The clock is ticking very loudly
Brexit may have taken a backseat over the last few months whilst governments and businesses have responded to the impact of Covid-19, but as the final deadline to request an extension to the transition deadline has now passed, Brexit is back fighting for top spot on the agenda. We get an insight from the British Retail Consortium (BRC) on key issues for the retail sector.
One of the most difficult parts of negotiating our exit from the EU was how to deal with the border between Northern Ireland and the Republic of Ireland. The solution was to accept measures which ensure no checks at that border by, in effect, installing a border post in the Irish Sea for goods travelling from Great Britain to Northern Ireland.
To ensure no border on the island of Ireland, the UK has accepted to reduce the risk of non-compliant goods ‘leaking’ into the EU across the non-existent border, as the UK will have a different tariff and regulatory policy to the EU that requires checks on goods going from GB. This was the problem the Government accepted on 20 May, now it needs to find solutions in the next six months to avoid additional delays and costs for Northern Irish consumers.
This is a particularly acute problem in food as much of that sold in Northern Irish supermarkets is made and transported from Great Britain. Currently that moves seamlessly as part of the supply chain, but new checks would add delays and cost, pushing up prices in store.
There are two key problems, firstly the UK, including Northern Ireland will be a separate customs territory to the EU and secondly that Northern Ireland will continue to align its regulations on food production and safety with the EU, not the rest of the UK.
On the first point, businesses will need to demonstrate goods from Great Britain are only destined for Northern Ireland. This is because the UK tariff schedule may be different to the EU and this prevents the risk of cheaper goods leaking across the EU border into the Republic of Ireland undermining EU producers.
The second point is perhaps more difficult to solve. The EU is particularly protective of its food industry and checks on imports to ensure they are safe and pose no risk are stringent. Whilst it might seem strange to think about this today as we share the same regulatory structures, what if the UK were, for example, to allow imports of chlorinated chicken or GM products not authorised in the EU? Checks on food imports are particularly complex and bureaucratic and certainly not something a supermarket sending multiple, composite food products wants to consider.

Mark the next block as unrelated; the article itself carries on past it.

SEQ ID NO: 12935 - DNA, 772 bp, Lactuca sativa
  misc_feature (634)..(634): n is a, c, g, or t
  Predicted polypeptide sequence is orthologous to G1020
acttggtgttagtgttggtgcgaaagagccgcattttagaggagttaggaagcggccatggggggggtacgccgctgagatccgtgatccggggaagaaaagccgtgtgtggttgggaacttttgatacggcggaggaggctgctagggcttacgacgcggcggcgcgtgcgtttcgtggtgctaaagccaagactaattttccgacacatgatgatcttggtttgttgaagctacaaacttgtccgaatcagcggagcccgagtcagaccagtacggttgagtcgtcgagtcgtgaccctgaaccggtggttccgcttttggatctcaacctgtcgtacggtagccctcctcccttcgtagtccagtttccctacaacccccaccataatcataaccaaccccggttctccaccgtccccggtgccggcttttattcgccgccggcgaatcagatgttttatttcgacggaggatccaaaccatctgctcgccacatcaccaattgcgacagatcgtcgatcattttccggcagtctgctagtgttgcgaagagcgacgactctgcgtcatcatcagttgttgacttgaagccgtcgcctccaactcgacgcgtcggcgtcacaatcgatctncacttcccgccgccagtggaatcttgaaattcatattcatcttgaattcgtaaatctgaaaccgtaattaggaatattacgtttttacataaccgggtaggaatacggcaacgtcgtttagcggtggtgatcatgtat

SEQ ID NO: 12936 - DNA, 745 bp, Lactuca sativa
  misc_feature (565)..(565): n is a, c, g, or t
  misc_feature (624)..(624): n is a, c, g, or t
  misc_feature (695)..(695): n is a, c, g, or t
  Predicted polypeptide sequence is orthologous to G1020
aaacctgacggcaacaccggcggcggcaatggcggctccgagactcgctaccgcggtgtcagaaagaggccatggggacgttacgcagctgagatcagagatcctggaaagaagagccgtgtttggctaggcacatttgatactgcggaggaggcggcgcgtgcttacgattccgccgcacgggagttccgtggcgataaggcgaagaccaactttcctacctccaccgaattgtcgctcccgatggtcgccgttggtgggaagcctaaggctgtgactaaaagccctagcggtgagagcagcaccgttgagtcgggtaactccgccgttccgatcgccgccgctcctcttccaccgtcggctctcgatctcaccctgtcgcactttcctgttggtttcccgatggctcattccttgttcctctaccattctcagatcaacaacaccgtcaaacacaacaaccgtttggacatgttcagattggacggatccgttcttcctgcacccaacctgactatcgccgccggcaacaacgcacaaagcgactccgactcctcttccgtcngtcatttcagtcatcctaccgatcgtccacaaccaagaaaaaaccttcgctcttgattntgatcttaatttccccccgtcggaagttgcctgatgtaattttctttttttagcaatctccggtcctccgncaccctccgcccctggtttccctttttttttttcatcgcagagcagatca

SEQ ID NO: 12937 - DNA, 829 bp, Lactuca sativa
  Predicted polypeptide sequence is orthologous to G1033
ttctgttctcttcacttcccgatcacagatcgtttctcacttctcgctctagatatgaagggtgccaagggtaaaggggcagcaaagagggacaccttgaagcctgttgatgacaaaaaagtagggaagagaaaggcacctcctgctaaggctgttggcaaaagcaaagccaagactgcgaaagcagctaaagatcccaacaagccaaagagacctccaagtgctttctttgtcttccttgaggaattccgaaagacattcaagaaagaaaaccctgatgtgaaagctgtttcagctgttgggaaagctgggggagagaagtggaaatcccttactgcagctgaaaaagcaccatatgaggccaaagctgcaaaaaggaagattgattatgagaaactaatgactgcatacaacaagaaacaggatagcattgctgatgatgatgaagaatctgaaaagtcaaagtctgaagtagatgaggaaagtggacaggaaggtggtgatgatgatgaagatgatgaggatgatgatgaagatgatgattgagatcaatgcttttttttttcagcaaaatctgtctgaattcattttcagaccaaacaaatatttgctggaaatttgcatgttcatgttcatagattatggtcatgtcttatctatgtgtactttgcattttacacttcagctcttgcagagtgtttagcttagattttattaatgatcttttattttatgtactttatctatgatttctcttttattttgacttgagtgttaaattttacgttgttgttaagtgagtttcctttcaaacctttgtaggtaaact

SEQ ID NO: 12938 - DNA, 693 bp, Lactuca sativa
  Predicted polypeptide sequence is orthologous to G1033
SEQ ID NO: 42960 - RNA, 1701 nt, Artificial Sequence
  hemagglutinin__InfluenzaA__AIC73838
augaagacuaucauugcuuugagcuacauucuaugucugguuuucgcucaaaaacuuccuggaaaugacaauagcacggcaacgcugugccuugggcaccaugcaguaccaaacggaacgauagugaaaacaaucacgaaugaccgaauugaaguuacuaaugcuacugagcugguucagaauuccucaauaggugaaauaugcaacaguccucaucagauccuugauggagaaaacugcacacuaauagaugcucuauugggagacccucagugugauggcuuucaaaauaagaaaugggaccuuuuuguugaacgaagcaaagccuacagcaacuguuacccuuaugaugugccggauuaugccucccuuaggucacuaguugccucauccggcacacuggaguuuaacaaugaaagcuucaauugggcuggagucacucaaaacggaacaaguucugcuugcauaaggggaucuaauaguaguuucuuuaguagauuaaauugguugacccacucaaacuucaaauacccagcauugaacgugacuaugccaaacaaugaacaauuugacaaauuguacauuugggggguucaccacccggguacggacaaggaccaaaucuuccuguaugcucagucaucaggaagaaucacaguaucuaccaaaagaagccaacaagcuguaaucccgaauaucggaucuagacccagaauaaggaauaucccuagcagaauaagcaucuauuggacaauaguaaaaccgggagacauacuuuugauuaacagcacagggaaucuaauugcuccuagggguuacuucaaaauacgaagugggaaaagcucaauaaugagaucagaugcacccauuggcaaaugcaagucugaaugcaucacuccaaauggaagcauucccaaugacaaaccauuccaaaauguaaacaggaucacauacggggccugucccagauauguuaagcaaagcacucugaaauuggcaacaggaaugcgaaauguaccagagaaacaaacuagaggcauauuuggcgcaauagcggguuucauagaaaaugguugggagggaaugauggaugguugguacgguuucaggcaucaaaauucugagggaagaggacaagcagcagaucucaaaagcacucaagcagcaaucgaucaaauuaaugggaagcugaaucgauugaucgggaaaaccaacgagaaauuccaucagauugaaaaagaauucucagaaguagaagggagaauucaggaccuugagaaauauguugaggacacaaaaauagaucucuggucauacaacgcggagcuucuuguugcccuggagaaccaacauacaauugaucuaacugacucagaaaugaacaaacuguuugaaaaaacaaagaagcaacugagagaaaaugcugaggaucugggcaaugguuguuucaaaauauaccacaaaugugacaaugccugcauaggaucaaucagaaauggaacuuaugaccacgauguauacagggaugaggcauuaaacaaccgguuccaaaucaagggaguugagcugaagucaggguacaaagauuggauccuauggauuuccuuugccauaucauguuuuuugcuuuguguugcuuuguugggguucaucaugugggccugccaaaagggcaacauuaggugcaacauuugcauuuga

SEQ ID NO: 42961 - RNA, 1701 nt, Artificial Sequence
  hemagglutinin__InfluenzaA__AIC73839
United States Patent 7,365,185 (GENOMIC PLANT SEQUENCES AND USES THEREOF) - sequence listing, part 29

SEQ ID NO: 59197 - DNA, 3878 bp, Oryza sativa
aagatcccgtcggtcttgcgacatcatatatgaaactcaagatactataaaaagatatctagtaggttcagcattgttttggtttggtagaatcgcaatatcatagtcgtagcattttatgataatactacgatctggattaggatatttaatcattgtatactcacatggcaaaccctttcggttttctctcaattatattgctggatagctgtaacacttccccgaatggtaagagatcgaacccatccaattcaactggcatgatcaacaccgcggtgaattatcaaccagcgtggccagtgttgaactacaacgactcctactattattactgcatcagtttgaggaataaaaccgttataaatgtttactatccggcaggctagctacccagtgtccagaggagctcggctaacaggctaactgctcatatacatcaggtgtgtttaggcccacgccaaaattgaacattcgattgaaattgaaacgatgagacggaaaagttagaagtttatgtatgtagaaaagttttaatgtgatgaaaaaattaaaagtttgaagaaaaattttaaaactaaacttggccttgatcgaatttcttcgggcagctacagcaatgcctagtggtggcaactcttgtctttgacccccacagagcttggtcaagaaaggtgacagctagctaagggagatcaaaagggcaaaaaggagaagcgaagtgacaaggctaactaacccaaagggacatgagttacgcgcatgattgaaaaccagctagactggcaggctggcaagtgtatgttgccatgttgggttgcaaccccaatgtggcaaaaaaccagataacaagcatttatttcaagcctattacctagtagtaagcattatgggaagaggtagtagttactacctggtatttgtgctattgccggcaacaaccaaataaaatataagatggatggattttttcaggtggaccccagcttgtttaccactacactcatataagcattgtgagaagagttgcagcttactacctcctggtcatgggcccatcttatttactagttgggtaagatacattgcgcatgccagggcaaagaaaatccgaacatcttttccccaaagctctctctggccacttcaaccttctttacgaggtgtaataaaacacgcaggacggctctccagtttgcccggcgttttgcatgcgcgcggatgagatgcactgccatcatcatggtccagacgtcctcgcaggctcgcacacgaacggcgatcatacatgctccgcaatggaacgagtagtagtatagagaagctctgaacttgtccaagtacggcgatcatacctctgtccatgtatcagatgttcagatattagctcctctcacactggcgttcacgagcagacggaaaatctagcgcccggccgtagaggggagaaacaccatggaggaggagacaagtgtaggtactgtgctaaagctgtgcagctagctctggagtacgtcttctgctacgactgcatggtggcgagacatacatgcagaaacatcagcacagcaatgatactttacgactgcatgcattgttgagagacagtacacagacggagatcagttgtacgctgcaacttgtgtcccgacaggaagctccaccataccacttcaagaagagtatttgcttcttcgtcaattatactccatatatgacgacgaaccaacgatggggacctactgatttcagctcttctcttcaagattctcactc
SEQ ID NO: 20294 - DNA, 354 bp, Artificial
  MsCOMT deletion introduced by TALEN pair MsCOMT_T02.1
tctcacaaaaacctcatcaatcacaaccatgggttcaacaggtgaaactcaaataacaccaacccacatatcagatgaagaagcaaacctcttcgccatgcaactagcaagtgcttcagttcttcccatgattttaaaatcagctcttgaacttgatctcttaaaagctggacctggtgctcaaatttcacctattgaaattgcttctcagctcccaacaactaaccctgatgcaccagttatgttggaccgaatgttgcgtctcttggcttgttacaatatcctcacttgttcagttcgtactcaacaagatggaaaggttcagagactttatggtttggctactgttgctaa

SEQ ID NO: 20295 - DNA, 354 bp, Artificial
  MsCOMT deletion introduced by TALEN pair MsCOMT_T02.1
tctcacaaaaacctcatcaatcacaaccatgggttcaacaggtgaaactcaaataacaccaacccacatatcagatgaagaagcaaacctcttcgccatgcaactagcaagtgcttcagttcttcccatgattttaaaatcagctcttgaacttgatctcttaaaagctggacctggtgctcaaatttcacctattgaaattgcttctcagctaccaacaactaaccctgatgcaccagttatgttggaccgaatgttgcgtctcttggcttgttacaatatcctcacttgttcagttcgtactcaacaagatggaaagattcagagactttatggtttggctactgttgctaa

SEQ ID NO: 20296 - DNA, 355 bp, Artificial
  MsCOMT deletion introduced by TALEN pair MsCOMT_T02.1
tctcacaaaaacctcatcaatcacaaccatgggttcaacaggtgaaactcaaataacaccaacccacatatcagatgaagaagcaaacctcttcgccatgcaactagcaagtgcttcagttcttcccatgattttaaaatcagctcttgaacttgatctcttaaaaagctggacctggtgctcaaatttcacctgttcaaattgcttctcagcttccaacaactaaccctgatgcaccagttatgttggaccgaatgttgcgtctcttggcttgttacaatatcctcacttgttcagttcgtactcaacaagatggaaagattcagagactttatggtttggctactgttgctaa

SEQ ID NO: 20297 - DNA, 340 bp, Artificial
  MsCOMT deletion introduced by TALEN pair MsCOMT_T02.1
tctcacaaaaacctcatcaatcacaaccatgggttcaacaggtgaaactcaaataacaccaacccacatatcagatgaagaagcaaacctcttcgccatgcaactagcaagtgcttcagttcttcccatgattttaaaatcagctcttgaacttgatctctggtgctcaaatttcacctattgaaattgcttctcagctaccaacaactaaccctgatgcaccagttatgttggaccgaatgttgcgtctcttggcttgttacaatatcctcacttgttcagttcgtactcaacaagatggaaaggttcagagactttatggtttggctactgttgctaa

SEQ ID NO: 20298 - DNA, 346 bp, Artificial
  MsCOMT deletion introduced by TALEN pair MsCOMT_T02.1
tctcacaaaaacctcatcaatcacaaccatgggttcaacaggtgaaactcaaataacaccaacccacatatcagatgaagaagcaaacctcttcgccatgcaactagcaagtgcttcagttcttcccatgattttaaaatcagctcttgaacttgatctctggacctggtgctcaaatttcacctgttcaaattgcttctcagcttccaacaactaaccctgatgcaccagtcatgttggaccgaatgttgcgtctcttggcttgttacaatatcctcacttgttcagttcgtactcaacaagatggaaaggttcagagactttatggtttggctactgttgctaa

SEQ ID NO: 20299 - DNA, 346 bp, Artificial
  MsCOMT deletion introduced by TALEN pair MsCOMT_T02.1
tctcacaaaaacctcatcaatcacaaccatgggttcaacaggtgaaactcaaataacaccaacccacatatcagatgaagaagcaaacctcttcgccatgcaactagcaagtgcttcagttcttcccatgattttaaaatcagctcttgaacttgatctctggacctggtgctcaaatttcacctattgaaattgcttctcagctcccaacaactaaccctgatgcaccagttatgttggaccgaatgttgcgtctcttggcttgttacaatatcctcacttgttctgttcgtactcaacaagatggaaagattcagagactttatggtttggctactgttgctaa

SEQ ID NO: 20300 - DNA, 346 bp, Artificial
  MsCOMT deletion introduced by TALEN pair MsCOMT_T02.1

The one bit of good news is both sides are aware of the potential impact on Northern Irish supermarkets and recognised that in recent statements. There is also the possibility of a more flexible approach to imports than the EU is likely to take for exports to EU Member States. The hope is the UK will work with businesses to find solutions which both satisfy the EU but are not bureaucratic and unworkable. There are certainly IT solutions out there and if backed by a trusted trader approach we could solve this problem without impacting too greatly on Northern Irish consumers.
What is clear is the clock is ticking very loudly and businesses still don’t know what they need to do from 1 January 2021. Any businesses whose supply chain runs across the UK, particularly GB to Northern Ireland should be paying close attention to developments to ensure they are as prepared as they can be. We at least have recognised the problem, it’s just the solution we need now.
This article was written by Andrew Opie, Director of Food & Sustainability, BRC as part of RPC's Retail Compass Summer edition 2020.